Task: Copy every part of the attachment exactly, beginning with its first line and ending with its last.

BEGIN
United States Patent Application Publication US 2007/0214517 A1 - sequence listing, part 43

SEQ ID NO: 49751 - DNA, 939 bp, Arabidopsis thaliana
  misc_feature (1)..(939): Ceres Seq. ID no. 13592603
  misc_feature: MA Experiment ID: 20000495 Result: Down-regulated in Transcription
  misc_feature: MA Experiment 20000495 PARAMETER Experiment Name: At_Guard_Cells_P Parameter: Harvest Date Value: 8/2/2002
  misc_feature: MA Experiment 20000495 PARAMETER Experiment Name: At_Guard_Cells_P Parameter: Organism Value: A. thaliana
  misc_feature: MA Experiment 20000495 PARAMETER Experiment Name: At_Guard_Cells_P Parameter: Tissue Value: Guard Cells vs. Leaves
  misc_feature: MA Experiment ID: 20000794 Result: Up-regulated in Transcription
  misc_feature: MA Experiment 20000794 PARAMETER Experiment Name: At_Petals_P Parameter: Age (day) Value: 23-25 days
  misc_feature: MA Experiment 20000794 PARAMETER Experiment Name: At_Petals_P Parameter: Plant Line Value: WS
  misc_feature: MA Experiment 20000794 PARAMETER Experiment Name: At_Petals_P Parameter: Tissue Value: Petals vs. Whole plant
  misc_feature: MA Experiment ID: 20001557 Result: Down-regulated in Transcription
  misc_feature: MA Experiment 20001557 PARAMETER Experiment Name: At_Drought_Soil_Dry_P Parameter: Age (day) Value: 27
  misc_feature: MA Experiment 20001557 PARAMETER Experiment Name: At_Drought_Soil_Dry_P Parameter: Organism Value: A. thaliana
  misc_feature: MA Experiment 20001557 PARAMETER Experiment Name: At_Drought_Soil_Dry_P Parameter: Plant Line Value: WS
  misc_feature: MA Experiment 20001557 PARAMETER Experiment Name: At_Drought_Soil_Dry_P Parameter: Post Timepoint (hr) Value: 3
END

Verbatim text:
United States Patent Application Publication US 2007/0214517 A1 - sequence listing, part 43

SEQ ID NO: 49751 - DNA, 939 bp, Arabidopsis thaliana
  misc_feature (1)..(939): Ceres Seq. ID no. 13592603
  misc_feature: MA Experiment ID: 20000495 Result: Down-regulated in Transcription
  misc_feature: MA Experiment 20000495 PARAMETER Experiment Name: At_Guard_Cells_P Parameter: Harvest Date Value: 8/2/2002
  misc_feature: MA Experiment 20000495 PARAMETER Experiment Name: At_Guard_Cells_P Parameter: Organism Value: A. thaliana
  misc_feature: MA Experiment 20000495 PARAMETER Experiment Name: At_Guard_Cells_P Parameter: Tissue Value: Guard Cells vs. Leaves
  misc_feature: MA Experiment ID: 20000794 Result: Up-regulated in Transcription
  misc_feature: MA Experiment 20000794 PARAMETER Experiment Name: At_Petals_P Parameter: Age (day) Value: 23-25 days
  misc_feature: MA Experiment 20000794 PARAMETER Experiment Name: At_Petals_P Parameter: Plant Line Value: WS
  misc_feature: MA Experiment 20000794 PARAMETER Experiment Name: At_Petals_P Parameter: Tissue Value: Petals vs. Whole plant
  misc_feature: MA Experiment ID: 20001557 Result: Down-regulated in Transcription
  misc_feature: MA Experiment 20001557 PARAMETER Experiment Name: At_Drought_Soil_Dry_P Parameter: Age (day) Value: 27
  misc_feature: MA Experiment 20001557 PARAMETER Experiment Name: At_Drought_Soil_Dry_P Parameter: Organism Value: A. thaliana
  misc_feature: MA Experiment 20001557 PARAMETER Experiment Name: At_Drought_Soil_Dry_P Parameter: Plant Line Value: WS
  misc_feature: MA Experiment 20001557 PARAMETER Experiment Name: At_Drought_Soil_Dry_P Parameter: Post Timepoint (hr) Value: 3